Jascha Heifetz (February 2, 1901 -
December 10, 1987) was a violinist, one of the most famous of the
Heifetz was born in Vilna in Lithuania. His father was a violinist,
and Jascha began playing the instrument at an early age. He was
a child prodigy, playing the Violin Concerto by Mendelssohn in
public at the age of six. In 1910 he entered the St Petersburg
conservatory to study under Leopold Auer. He played in Germany
and Scandinavia at the age of twelve and visited much of Europe
while still in his teens.
His American debut came in 1917 when he played at Carnegie Hall.
He stayed in the country and became an American citizen in 1925,
making many public appearances and recordings. He had an immaculate
technique and rapid vibrato. From time to time, his near perfect
technique caused some critics to accuse him of being overly mechanical,
even cold. Yet most critics agree, he infused his playing with
feeling without compromising the composer's wishes.
Instead of soloing exclusively as most violinists of his stature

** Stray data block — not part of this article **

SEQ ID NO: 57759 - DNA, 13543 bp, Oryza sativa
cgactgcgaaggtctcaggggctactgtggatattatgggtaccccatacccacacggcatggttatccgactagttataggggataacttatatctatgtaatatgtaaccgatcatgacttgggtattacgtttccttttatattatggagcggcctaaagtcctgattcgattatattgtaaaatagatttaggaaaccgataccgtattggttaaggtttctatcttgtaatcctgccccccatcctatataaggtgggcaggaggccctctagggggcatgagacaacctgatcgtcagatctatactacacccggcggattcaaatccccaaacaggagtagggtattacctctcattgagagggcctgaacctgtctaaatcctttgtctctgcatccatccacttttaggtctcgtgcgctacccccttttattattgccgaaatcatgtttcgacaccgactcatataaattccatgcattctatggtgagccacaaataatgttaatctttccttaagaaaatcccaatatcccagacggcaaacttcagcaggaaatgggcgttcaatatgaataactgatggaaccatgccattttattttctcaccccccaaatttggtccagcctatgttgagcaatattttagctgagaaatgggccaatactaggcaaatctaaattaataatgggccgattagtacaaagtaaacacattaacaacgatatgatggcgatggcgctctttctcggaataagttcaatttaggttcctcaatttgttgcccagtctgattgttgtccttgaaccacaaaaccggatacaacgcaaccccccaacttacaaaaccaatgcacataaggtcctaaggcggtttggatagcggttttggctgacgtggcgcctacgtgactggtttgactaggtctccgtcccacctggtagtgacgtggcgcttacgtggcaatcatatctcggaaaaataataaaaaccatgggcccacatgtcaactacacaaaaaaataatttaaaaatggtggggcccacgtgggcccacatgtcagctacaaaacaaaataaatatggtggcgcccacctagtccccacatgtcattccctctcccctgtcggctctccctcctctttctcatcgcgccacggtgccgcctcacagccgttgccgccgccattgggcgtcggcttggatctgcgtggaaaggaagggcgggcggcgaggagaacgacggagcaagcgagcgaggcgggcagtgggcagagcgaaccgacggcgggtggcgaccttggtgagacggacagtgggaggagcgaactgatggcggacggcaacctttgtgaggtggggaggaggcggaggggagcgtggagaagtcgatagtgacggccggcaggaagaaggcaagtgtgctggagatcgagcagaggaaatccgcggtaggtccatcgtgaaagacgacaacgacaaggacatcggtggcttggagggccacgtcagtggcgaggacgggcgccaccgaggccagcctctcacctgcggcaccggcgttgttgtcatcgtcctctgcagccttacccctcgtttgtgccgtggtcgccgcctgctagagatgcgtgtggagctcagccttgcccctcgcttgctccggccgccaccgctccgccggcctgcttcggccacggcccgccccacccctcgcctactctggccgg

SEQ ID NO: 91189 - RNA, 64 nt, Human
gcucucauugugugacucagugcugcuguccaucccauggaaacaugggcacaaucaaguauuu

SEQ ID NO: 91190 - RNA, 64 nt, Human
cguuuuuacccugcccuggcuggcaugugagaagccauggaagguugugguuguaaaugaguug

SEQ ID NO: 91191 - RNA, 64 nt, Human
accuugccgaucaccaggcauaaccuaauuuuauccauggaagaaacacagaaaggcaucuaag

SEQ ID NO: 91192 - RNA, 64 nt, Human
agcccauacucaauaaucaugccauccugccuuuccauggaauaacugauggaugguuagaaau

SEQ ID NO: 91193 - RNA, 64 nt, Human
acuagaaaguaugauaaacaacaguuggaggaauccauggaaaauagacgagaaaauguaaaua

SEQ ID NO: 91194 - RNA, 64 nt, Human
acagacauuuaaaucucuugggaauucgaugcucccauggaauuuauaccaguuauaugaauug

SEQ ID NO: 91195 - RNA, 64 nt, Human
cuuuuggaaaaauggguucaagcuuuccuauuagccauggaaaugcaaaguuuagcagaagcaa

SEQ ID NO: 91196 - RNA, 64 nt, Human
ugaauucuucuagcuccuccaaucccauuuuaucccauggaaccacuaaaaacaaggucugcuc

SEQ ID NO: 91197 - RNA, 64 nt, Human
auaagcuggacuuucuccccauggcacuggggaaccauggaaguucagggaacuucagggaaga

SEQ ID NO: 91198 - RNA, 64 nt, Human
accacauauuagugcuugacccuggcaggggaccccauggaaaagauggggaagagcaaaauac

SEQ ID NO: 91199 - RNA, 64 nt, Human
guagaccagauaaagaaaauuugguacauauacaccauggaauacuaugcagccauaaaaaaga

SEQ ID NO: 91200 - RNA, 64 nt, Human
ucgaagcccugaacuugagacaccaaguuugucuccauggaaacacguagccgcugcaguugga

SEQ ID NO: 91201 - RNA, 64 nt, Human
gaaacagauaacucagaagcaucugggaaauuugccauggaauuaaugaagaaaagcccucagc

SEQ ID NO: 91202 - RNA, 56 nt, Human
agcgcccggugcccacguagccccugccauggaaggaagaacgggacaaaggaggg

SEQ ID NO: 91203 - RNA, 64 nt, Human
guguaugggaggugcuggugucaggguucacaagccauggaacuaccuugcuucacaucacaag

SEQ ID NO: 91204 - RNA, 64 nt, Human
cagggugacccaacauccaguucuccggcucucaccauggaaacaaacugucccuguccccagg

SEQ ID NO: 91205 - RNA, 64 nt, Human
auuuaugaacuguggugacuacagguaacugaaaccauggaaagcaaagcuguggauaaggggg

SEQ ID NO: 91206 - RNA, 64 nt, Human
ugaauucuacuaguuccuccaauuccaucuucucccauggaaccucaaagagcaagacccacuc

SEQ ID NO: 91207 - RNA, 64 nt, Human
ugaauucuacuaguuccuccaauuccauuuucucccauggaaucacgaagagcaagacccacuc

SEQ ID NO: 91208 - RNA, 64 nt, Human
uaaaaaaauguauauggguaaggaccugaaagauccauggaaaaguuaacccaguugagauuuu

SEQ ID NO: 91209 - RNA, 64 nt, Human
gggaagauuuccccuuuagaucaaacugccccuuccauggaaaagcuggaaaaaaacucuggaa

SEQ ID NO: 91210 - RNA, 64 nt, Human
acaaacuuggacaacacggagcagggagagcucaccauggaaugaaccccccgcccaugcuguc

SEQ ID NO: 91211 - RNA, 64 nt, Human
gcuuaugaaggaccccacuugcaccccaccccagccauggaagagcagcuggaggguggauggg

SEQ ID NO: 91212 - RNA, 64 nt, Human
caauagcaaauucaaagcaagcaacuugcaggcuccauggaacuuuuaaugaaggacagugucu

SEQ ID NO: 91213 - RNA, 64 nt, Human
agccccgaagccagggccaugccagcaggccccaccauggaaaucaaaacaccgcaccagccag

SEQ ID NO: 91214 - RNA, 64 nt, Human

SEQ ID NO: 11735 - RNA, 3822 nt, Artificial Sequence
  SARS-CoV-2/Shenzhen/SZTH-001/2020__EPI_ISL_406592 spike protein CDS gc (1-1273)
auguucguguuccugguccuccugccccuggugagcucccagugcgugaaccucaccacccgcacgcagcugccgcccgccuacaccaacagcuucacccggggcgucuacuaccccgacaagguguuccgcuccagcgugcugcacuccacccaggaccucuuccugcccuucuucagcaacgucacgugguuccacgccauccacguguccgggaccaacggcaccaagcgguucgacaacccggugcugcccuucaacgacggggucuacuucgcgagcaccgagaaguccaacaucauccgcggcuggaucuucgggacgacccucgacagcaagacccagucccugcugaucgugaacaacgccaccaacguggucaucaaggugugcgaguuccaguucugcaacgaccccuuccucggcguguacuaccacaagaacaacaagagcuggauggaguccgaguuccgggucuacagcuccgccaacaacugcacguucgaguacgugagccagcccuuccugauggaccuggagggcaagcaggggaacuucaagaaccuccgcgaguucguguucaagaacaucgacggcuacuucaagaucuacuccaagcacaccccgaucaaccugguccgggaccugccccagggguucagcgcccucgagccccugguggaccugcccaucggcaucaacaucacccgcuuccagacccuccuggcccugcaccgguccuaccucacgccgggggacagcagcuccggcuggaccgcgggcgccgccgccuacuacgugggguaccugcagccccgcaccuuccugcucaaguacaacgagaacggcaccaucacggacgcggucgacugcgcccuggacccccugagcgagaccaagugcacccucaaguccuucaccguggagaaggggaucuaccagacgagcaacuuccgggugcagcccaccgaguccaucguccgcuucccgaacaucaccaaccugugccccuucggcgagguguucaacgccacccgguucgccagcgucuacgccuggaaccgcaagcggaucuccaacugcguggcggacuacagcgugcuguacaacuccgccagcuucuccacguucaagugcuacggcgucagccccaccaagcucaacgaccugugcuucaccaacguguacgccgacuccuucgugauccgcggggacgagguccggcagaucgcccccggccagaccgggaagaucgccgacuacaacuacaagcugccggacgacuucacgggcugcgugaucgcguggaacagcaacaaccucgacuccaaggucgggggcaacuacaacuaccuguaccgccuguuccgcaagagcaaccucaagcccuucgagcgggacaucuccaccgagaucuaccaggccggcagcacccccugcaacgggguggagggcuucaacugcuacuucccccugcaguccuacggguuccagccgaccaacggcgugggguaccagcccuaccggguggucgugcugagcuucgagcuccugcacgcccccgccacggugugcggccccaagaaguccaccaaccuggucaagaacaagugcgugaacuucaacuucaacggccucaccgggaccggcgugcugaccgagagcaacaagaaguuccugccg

did, Heifetz often enjoyed playing chamber music. Some notable
collaborations include his 1940 recordings of trios by Beethoven,
Schubert, and Brahms with cellist Emmanuel Feuermann and pianist
Artur Rubinstein as well as a later collaboration with Rubinstein
and cellist Gregor Piatigorsky and recorded trios by Ravel, Tchaikovsky,
Heifetz commissioned a number of pieces, perhaps most notably
the Violin Concerto by William Walton.
In later years, he taught at the University of Southern California.
He died in Los Angeles.
Watch a video of Jascha Heifetz rehearsing the Brahms Concerto (Windows Media)
Quotes by Heifetz
"I occasionally play works by contemporary composers and for two reasons. First to discourage the composer from writing any more and secondly to remind myself how much I appreciate Beethoven."
"If I don't practice one day, I know it; two days, the critics know it; three days, the public knows it."
"There is no top. There are always further heights to reach."
>> Interview with Jascha Heifetz on The Danger of Practicing Too Much